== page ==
GLOBAL - The pork sector has not been having an easy time lately. To be sure, feed prices are well down from their peak but oversupply in the pig meat market is squeezing producer margins. In the US, a prolonged strike by dock-workers is not helping the situation. Three European retailers have been awarded top marks in an assessment of animal welfare standards.
Strong production and weak demand are conspiring to push pig prices down in the UK and the EU generally, according to a market expert speaking at the Outlook Conference in London recently.
Stephen Howarth, Market Specialist Manager for the pig sector with BPEX, identified the root cause of the problem as supply running ahead of demand in both the United Kingdom and the European Union over the last year. Prices have been in decline for the last 12 to 18 months, he said.
Comparing production costs and pig prices across Europe, Mr Howarth said UK margins are better than most. Production costs remained below prices for 18 months in the UK and although they are now approaching break-even, per-kilo prices are well below cost of production in almost all other EU countries.
This difficult financial situation is leading to an increase in sow slaughterings in a number of countries, not least in Germany.
Looking ahead, he predicted that UK pig meat supply will remain strong in the year ahead, adding that demand will need to pick up for producer prices to become firmer.
Both the United States and Canada exported less pork in 2014, as trade was disrupted by PEDv and the Russian bans, among other factors, according to a BPEX report.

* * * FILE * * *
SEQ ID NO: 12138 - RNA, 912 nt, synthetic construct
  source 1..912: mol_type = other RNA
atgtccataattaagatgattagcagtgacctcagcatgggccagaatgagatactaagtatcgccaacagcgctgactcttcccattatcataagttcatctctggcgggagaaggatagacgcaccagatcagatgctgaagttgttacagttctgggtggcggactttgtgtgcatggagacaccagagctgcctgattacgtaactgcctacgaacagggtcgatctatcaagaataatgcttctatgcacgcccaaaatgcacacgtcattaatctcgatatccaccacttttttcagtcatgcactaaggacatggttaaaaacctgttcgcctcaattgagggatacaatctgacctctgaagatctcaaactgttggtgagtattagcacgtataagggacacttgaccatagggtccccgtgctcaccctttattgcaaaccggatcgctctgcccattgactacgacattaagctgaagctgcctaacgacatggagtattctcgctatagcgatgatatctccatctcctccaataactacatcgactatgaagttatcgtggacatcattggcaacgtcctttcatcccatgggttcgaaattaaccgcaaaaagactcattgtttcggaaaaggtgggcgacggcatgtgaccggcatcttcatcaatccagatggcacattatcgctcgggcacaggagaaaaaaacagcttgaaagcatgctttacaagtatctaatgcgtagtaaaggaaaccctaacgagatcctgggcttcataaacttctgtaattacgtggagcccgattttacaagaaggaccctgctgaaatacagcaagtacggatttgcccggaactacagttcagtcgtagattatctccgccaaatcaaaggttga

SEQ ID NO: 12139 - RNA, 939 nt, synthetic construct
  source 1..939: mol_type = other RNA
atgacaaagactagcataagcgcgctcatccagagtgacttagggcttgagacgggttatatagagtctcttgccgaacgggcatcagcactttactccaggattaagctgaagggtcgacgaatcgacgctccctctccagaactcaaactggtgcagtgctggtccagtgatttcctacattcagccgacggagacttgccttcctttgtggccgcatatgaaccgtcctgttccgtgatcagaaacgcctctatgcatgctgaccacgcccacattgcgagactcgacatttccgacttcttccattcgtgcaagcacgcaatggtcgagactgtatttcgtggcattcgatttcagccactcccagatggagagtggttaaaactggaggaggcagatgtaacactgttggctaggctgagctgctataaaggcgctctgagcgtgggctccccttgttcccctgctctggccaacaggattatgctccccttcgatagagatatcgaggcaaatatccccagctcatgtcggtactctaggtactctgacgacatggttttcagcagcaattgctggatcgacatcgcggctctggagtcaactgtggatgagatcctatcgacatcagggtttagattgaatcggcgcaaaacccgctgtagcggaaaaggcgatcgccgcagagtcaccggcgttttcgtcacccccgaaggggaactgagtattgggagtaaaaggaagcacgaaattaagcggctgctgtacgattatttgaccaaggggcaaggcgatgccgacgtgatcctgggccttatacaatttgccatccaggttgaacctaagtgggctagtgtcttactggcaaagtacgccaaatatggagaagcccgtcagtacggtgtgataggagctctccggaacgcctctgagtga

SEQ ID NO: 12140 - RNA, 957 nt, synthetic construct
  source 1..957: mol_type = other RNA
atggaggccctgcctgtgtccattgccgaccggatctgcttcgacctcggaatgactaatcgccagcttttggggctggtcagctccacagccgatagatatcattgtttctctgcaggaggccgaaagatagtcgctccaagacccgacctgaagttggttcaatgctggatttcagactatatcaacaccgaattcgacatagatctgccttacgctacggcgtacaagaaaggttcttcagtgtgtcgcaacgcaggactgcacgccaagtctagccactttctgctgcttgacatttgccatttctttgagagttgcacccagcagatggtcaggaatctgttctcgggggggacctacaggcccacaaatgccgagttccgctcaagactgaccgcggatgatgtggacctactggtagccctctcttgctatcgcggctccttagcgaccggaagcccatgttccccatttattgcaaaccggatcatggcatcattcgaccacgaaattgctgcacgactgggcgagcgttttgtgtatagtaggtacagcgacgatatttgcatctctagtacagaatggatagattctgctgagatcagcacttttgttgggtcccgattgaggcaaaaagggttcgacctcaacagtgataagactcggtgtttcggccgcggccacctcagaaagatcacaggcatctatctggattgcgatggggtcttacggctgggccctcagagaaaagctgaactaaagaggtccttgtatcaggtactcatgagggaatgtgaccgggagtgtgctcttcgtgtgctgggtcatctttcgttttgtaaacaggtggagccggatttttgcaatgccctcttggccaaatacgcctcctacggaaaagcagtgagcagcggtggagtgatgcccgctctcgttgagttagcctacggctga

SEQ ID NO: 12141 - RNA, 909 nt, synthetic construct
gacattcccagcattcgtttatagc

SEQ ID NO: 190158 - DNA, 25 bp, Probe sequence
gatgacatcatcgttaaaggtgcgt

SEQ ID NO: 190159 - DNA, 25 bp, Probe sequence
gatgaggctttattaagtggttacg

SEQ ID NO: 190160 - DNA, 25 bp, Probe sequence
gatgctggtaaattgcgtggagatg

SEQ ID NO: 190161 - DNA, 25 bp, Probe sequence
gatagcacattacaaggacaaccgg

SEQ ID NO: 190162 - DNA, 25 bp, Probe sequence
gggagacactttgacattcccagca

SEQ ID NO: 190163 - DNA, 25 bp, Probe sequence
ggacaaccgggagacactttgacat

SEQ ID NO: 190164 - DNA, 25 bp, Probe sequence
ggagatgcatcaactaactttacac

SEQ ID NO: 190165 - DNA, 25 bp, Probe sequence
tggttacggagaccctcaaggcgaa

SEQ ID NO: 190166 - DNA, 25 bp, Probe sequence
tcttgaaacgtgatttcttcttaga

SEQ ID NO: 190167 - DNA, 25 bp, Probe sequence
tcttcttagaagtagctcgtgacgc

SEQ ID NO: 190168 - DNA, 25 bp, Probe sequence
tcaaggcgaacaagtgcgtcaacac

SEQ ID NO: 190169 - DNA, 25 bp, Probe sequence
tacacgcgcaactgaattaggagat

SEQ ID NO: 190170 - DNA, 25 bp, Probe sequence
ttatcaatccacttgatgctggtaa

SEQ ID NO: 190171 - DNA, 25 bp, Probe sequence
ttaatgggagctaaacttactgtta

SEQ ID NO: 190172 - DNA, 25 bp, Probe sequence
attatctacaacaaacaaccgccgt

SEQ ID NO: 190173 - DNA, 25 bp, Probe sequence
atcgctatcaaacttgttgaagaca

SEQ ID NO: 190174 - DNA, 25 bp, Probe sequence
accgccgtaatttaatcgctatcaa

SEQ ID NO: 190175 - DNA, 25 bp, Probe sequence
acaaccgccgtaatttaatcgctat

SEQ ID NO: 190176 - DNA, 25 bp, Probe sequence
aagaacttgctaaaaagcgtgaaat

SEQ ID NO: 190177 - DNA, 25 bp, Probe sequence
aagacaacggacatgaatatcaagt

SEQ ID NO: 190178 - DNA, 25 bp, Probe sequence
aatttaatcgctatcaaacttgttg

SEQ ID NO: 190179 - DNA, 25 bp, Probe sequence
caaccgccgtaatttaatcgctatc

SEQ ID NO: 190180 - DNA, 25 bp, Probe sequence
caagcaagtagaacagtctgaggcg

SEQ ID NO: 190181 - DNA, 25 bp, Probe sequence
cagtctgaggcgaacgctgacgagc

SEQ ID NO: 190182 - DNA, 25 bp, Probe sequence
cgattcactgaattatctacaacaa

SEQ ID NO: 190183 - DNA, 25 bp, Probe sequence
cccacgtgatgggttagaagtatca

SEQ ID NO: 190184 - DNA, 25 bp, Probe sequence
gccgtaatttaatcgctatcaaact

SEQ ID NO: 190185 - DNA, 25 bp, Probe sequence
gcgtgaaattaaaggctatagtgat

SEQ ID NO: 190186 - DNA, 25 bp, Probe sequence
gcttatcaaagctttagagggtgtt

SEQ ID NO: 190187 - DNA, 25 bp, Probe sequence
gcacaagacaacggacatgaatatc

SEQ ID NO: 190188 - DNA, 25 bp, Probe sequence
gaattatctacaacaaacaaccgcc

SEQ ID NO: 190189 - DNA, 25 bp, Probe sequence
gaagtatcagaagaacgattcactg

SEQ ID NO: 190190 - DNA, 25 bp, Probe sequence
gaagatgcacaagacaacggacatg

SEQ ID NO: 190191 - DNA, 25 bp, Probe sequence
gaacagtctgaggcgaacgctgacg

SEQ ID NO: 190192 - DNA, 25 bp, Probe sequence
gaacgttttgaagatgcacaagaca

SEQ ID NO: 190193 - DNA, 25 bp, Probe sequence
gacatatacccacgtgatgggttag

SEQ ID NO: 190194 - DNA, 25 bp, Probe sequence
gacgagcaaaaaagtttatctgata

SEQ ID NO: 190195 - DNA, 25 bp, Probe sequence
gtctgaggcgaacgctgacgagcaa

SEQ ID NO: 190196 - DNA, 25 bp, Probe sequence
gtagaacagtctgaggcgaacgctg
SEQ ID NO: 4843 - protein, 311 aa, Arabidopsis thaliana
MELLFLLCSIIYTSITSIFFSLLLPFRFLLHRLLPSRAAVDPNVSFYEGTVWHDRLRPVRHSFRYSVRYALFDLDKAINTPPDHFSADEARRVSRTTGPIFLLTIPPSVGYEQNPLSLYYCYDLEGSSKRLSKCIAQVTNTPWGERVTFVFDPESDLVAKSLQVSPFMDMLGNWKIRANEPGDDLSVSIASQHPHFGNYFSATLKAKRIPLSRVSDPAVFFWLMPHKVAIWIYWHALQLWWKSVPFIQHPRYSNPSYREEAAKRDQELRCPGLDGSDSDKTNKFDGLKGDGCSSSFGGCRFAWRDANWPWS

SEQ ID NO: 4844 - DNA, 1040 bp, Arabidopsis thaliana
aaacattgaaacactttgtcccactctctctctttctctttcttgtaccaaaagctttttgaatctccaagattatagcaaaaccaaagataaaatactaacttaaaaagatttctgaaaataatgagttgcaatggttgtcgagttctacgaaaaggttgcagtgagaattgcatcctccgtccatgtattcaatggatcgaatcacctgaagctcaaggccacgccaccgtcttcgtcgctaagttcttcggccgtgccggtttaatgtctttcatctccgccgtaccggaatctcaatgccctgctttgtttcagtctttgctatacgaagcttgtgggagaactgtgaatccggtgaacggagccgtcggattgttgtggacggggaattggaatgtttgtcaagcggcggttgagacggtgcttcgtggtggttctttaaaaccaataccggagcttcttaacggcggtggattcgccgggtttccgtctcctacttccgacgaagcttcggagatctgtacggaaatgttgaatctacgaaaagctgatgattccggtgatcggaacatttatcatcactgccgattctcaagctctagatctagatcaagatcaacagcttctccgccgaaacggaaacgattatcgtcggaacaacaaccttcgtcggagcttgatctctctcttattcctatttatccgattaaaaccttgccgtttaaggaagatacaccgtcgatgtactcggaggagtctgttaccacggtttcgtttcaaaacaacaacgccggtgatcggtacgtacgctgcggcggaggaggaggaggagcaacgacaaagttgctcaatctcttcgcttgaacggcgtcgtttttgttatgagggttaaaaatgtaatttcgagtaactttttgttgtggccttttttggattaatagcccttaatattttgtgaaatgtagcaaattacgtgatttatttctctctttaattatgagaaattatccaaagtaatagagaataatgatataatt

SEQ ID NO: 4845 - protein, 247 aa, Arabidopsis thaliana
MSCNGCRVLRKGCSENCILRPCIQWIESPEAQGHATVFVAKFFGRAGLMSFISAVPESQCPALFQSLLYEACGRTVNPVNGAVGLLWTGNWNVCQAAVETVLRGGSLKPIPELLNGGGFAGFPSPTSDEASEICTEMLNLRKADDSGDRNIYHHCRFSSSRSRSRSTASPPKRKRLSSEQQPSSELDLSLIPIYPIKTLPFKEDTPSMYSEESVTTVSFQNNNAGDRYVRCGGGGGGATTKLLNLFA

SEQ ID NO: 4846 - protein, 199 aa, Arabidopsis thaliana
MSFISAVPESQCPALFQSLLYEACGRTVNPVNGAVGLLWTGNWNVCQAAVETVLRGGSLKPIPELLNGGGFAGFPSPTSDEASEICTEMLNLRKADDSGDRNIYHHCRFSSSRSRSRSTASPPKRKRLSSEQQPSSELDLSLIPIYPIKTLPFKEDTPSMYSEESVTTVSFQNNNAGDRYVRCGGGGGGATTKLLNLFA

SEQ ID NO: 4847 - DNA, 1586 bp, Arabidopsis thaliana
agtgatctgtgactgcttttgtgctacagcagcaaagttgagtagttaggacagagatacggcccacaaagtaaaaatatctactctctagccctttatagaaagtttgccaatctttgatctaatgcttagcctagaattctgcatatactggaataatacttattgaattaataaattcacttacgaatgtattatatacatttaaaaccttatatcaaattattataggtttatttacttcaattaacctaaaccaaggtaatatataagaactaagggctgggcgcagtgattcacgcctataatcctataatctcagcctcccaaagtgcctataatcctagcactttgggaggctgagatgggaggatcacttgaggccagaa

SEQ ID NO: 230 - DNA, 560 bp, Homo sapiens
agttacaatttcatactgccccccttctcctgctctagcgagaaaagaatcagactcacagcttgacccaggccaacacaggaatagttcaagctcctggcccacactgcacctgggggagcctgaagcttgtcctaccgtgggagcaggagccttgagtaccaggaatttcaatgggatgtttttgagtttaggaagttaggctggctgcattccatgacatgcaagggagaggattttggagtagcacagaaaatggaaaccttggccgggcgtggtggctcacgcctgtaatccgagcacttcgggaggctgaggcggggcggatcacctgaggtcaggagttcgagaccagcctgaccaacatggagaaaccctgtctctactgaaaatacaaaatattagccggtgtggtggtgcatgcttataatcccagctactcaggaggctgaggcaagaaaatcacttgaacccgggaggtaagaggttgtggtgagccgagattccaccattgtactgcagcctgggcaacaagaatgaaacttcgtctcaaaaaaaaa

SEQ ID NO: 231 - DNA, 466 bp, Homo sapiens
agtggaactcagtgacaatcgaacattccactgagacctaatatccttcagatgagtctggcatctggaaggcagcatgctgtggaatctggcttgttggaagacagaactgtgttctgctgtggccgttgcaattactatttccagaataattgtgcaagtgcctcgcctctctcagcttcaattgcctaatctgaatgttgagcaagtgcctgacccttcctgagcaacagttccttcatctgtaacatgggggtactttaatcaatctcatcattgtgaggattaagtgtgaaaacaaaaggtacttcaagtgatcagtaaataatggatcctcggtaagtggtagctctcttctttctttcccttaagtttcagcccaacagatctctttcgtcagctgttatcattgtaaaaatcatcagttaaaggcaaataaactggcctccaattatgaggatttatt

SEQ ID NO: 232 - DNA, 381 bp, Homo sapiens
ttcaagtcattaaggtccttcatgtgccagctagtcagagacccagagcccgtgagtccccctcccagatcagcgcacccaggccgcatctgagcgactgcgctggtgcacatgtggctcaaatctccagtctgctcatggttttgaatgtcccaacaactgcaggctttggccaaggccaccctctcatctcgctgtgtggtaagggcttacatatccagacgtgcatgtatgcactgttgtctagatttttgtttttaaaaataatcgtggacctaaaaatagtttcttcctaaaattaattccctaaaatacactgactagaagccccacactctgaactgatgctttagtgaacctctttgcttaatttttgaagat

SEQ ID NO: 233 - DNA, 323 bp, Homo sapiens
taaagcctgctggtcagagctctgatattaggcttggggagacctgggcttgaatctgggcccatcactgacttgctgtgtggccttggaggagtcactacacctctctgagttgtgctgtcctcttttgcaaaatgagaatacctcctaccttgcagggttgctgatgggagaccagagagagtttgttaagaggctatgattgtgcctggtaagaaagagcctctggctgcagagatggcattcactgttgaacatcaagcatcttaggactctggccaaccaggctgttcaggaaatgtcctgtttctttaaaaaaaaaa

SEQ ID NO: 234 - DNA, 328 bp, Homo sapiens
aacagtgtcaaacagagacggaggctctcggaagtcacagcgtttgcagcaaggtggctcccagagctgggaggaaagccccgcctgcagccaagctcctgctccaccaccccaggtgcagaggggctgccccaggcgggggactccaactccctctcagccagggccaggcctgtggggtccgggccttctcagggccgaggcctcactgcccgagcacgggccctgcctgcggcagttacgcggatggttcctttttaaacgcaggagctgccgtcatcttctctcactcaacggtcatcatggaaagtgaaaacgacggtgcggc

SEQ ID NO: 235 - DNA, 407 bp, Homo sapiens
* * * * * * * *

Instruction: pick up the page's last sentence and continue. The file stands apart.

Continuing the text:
Throughout 2014, pork trading in the US followed the trend of the previous year, with imports increasing by 18 per cent as exports were down one per cent, reflecting growing domestic demand.
However, with limited availability but sustained demand, unit prices for US pork were up 11 per cent on the year and by much more than this in the middle part of the year. This brought the total value of pork exports in 2014 to $4.9 billion.
In Canada, exports fell three per cent in 2014 compared to the year before, with imports down four per cent.
The situation in the US is not helped by a prolonged strike by West Coast dock workers.
Three European supermarket groups have been given top marks in an annual global farm animal welfare report published recently. Full marks were awarded to Marks & Spencer, Waitrose and Coop Group (Switzerland).
Now in its third year, the Business Benchmark on Farm Animal Welfare (BBFAW) provides an annual review of how the world’s leading food companies are managing and reporting their farm animal welfare practices.
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